xt7bnz80kp6p https://exploreuk.uky.edu/dips/xt7bnz80kp6p/data/mets.xml University of Kentucky Fayette County, Kentucky The Kentucky Kernel 19180321  newspapers sn89058402 English  Contact the Special Collections Research Center for information regarding rights and use of this collection. The Kentucky Kernel The Kentucky Kernel, March 21, 1918 text The Kentucky Kernel, March 21, 1918 1918 2012 true xt7bnz80kp6p section xt7bnz80kp6p THE KENTUCKY KERNEL
University of Kentucky







Boles Selection Gives Three
to Centre and Two



The prize of four Thrift Stamps giv
en by "Uncle Jimmy" Lyons to the
student writing the best limerick on
Thrift Stamps was awarded to Miss
Ora Lee Jones.
Miss Jones' limerick

is published

ain't the time for Just sighin'
and cryin',
Just sittin'
Thrift Stamps are the stuff
Oh, now

game of
The annual
picking the
team has been
completed and two Wildcats are on
the mythical Ave. According to the
selection of a local paper and that of
Daddy Boles, Thomas and Bastln are
The Kernel's selection coincides
with that of Coach Boles, and is as
Thomas, Wildcat forward;
Centre, forward; Tate, Centre, center;
Bell, Centre, guard; Bastin, Wildcats,
Every one who has followed the
game in the State this year must concede the honors to the two, Centre and
Of these two the Danville boys are the better. Their perfect team work and consistent shooting has won for their college another
championship, for which the Wildcats
fought them to the last minute. They
were a team of individual stars trained
to shine. No one of them stands above
the others for each is of the same
high class.
; After painfully typing this tribute to
an enemy, the scribe must turn to the
home feeding ground to treat material
which he loves better and is perhaps
better acquainted with. The Wildcats
had a splendid team this year. There
has seldom been a better. It was developed from the raw by the efficient
coaching of Daddy Boles and Jim
post-seaso- n



The Kaiser to bluff,
Get up and get busy


Extension Bill Gives $62,000
Annually to the
With the passage of the extension
bill, Monday, which gives to the University $62,000 annually, for
extension work in agriculture and
home economics, the full legislative
program of the University for the
year has been adopted.
The bill passed Monday, generally
act, proknown as the Smith-Lebe- r
work bevides for broad
tween the College of Agriculture and
the United States Department of Agri
culture. Thru it, this department of
the University will be brought in clos
er touch, and be made of more practical use to the people of the State.
The four points of legislation for the
University were the reapportionment
bill, which increased the income of
the University by $200,000; the trustee bill, which reduced the number of
to fifteen, actrustees from thirty-twcording to the recommendation of the
survey committee; the
bill, appropriating money to the University and other schools for vocation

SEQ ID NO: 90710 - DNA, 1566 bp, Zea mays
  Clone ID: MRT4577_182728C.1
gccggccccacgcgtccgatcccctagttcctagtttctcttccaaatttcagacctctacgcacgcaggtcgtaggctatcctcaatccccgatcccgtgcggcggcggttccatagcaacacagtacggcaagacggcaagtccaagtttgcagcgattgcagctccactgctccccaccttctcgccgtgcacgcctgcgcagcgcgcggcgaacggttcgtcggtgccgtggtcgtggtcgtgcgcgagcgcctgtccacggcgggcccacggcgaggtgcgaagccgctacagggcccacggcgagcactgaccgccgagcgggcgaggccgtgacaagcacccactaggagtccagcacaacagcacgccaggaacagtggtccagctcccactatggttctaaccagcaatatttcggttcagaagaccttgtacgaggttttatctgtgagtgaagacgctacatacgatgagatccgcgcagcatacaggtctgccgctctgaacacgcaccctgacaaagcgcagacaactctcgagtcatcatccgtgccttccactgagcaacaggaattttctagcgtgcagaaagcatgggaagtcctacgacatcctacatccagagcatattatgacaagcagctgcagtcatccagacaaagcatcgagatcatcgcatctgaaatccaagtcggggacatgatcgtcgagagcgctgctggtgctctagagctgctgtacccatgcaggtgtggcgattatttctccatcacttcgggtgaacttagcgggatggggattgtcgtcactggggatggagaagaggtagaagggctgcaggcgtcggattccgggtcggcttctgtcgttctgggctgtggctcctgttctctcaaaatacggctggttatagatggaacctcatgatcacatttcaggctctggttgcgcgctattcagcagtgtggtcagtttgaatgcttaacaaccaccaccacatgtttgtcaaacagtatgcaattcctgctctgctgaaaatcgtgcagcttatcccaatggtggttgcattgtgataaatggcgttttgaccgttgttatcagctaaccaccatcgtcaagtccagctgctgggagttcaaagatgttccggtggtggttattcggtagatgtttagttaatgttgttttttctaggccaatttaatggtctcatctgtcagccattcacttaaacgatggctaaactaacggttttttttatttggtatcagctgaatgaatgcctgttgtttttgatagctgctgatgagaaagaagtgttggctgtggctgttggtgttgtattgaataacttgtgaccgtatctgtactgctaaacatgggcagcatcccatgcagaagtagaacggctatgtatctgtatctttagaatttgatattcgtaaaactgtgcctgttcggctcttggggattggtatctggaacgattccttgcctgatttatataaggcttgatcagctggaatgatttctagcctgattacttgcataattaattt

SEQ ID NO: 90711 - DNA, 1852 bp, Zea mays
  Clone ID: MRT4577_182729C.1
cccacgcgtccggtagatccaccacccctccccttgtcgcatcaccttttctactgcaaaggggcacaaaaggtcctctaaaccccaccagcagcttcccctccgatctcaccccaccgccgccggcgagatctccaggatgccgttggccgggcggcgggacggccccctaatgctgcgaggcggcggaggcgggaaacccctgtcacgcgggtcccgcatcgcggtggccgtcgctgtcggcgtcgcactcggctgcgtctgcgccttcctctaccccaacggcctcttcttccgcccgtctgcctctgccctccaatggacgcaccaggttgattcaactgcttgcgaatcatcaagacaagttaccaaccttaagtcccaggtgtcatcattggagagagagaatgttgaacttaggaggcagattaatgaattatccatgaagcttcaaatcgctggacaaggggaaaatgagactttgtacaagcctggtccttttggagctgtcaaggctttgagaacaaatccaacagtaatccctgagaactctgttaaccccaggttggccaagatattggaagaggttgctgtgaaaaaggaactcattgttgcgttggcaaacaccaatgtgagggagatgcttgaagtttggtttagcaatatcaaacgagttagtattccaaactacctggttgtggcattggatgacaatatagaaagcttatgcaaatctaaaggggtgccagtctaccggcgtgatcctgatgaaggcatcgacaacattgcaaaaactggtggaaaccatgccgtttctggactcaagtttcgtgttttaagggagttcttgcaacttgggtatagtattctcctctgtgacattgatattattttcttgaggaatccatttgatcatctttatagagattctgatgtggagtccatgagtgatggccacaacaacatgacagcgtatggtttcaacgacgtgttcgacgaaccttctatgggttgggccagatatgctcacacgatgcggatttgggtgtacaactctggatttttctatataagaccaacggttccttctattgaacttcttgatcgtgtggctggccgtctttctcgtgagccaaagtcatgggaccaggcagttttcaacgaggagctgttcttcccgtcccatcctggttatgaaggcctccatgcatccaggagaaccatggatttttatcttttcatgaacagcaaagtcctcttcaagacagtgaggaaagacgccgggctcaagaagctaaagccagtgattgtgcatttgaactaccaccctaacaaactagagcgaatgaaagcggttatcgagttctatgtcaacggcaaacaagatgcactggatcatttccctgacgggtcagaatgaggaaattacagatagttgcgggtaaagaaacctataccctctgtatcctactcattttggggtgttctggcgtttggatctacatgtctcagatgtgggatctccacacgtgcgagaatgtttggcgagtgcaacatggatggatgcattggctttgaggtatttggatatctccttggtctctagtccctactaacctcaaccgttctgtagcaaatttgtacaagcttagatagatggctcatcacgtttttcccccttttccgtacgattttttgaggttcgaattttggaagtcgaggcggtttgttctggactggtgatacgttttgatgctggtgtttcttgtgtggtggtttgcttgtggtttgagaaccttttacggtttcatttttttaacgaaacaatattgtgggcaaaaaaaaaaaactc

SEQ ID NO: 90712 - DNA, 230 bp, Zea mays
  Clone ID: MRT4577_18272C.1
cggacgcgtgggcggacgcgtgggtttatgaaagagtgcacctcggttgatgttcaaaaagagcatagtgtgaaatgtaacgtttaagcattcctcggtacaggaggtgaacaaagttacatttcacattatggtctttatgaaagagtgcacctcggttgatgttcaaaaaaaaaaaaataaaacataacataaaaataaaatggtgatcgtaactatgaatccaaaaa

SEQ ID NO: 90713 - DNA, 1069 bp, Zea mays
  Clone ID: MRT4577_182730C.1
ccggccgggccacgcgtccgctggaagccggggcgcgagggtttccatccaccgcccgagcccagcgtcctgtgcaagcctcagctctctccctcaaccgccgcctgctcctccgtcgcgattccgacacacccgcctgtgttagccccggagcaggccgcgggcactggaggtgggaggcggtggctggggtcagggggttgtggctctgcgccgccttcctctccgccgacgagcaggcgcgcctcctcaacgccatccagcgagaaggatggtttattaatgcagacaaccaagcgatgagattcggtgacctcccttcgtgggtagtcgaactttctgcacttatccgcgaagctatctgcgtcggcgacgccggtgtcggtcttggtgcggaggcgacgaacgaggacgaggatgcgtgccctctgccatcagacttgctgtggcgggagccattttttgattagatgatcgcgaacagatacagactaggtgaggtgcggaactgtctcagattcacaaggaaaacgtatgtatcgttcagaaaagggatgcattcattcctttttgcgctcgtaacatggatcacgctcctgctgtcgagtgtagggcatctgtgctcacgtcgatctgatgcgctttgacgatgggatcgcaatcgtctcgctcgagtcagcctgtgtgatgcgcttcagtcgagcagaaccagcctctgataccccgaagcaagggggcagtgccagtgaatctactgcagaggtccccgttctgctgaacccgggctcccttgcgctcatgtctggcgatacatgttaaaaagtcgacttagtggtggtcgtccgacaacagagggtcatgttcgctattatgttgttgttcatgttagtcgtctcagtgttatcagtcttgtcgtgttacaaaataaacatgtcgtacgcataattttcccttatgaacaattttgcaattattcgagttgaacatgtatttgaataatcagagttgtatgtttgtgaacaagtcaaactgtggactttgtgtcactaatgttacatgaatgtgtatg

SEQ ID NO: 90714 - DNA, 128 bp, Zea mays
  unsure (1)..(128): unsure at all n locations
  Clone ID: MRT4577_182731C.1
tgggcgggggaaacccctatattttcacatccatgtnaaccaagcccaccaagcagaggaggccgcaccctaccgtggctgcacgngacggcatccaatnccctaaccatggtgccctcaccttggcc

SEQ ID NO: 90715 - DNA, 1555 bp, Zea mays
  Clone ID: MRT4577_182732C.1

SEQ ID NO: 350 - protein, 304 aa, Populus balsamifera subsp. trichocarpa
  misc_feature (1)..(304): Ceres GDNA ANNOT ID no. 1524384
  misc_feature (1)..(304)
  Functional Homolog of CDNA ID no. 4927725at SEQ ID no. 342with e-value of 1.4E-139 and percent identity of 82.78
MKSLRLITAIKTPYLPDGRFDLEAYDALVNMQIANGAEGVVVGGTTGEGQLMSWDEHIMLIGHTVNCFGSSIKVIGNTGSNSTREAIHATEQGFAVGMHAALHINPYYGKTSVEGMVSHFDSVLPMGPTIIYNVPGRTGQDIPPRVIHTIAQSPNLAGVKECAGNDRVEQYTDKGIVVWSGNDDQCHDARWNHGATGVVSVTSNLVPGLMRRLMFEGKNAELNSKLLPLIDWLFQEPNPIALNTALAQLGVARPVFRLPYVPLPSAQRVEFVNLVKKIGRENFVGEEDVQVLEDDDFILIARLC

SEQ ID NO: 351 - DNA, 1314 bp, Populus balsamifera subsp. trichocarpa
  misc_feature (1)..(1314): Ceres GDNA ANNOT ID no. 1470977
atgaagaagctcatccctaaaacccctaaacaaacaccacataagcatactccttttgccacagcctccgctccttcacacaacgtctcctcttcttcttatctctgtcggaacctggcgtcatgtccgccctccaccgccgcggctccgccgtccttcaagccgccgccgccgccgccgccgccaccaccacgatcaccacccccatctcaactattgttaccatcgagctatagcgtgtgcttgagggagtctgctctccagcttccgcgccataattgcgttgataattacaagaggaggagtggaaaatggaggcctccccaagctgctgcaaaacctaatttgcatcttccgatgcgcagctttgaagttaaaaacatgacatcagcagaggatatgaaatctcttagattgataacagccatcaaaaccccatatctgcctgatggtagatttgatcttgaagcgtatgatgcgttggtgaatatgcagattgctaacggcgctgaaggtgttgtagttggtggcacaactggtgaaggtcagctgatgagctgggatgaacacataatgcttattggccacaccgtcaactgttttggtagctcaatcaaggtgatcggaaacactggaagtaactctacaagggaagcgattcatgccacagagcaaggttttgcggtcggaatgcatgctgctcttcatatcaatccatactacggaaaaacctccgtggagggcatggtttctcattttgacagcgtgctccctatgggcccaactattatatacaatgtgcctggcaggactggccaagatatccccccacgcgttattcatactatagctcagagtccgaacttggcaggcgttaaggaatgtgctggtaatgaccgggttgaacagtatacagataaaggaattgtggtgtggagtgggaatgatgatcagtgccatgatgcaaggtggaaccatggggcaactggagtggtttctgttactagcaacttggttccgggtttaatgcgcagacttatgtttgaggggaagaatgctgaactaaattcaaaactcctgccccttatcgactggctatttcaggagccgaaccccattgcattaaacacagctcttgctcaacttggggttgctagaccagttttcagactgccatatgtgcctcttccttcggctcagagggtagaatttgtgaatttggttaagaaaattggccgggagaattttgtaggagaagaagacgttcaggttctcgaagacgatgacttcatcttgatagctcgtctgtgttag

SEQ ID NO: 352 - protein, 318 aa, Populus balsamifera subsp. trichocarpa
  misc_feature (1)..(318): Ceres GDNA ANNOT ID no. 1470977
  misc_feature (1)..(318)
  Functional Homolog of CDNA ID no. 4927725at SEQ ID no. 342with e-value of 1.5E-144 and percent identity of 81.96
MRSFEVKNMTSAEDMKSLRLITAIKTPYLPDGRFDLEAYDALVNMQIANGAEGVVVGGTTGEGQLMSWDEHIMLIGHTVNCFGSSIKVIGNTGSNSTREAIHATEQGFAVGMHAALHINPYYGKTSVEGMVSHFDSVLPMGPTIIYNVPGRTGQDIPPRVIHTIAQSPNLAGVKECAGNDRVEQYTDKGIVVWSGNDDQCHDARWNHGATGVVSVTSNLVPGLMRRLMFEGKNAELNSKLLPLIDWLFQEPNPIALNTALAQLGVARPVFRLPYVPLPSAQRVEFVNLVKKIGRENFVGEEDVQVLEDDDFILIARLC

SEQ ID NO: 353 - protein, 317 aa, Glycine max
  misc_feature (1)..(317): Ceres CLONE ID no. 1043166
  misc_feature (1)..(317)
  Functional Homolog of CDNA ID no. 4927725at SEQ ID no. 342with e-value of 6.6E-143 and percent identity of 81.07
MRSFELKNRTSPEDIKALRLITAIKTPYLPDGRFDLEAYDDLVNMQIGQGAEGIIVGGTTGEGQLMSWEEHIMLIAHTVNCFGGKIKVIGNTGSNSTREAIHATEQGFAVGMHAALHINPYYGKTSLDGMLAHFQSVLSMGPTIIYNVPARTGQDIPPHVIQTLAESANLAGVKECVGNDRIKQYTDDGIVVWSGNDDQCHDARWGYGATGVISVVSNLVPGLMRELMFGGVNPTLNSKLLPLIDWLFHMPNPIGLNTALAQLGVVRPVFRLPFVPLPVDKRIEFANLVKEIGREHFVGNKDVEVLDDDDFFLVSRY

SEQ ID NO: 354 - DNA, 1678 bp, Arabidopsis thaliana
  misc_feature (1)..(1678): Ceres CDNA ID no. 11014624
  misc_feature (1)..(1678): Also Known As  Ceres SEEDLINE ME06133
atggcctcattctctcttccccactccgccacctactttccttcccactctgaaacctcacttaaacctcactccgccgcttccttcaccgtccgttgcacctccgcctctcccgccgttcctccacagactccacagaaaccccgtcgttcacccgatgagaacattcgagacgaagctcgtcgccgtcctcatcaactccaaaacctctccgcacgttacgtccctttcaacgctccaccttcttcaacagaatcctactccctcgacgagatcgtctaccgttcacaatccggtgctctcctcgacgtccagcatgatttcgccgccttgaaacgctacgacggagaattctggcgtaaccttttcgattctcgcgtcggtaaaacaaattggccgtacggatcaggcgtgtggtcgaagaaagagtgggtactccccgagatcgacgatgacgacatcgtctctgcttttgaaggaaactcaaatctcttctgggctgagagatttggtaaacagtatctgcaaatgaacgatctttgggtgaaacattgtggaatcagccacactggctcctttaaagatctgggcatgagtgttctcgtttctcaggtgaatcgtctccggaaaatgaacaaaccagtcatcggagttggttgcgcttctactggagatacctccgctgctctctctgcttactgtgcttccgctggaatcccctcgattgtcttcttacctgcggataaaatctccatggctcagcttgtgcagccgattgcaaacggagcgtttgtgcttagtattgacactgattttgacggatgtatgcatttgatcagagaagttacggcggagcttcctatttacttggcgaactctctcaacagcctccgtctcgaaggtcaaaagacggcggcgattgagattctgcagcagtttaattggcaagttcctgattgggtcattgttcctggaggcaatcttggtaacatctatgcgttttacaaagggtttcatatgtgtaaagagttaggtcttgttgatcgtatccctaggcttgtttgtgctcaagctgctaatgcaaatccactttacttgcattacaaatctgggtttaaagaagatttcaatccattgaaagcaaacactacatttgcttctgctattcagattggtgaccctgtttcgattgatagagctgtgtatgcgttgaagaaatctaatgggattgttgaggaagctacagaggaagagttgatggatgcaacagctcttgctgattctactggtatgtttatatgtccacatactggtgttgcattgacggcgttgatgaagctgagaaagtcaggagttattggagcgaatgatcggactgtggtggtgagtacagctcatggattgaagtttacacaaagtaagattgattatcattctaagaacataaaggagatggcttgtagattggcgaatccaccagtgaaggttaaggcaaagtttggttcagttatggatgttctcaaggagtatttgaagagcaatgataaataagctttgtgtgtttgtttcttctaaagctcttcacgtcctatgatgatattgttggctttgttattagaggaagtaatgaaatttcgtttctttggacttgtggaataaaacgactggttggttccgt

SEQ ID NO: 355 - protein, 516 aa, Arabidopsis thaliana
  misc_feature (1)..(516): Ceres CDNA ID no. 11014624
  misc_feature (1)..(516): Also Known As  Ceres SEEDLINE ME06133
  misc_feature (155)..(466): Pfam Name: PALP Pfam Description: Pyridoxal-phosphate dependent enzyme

al education; and last the extension or
Smith-Lebe- r
bill just passed.

With eight men of last year's team
with the colors and only a few in the
squad this year who had played high
school basketball, the prospects looked
gloomy at the beginning of the season.
The sensational development of Thomas, into the best goal shot in the Stato
of Bastin and Shank-lin- ,
and the follow-ugave the team its position in the
opinion of the coaches. Much could
Each of these bills was passed in
be said about each player and the spirpractically its original form, as drawn
it of each contest, but space allows
up by the University, without amendonly a few words.
ment. This completes the legislative
Shanklin has left a record of a class program
of the year, and enables the
of dribbling and evading that reminds University to start on a new.era. The
team. His
one of Morgan of the
redit for this legislative victory is
man was always forced to his best efconceded by those familiar with the
fort to keep up with him. Here is a ltuation, to Doctor McVey.
future basket ball comet.



'16-1- 7

Campbell started out in the season
with a rush but in several games lost
his ability to shoot. As captain of the
team, however, he was always "there"
and led every scrap.
Bastin lived up to the expectations
which his bulk and speed warrantej.
He was a guard, who loved to- shoot
and the ball found the basket easily
when propelled from his hands. Except in the final game, when he was
(Continued on Page Five.)



The Strollers will follow their usual
custom this yeur of giving two re
served seats to tho person submitting
the best design for the program cov

er. There has always been keen comThe designs

petition in this contest.

must be submitted to C. E. Planck not

'uter than March 30.
Make that date now!

No. 22



German may be taught in the Uni SUMMER TRAINING CAMP
versity hereafter if the House con
curs in the Senate amendment to the
Selection Made For Attend' bill of Representative Van Hoose to R. O. T.
ance At Summer
and Freshmen Lawyers
prohibit the teaching of German in the
May Attend
public schools.
In a discussion of the proposed
22 JUNIORS WILL GO amendment a communication from TO PARADE SATURDAY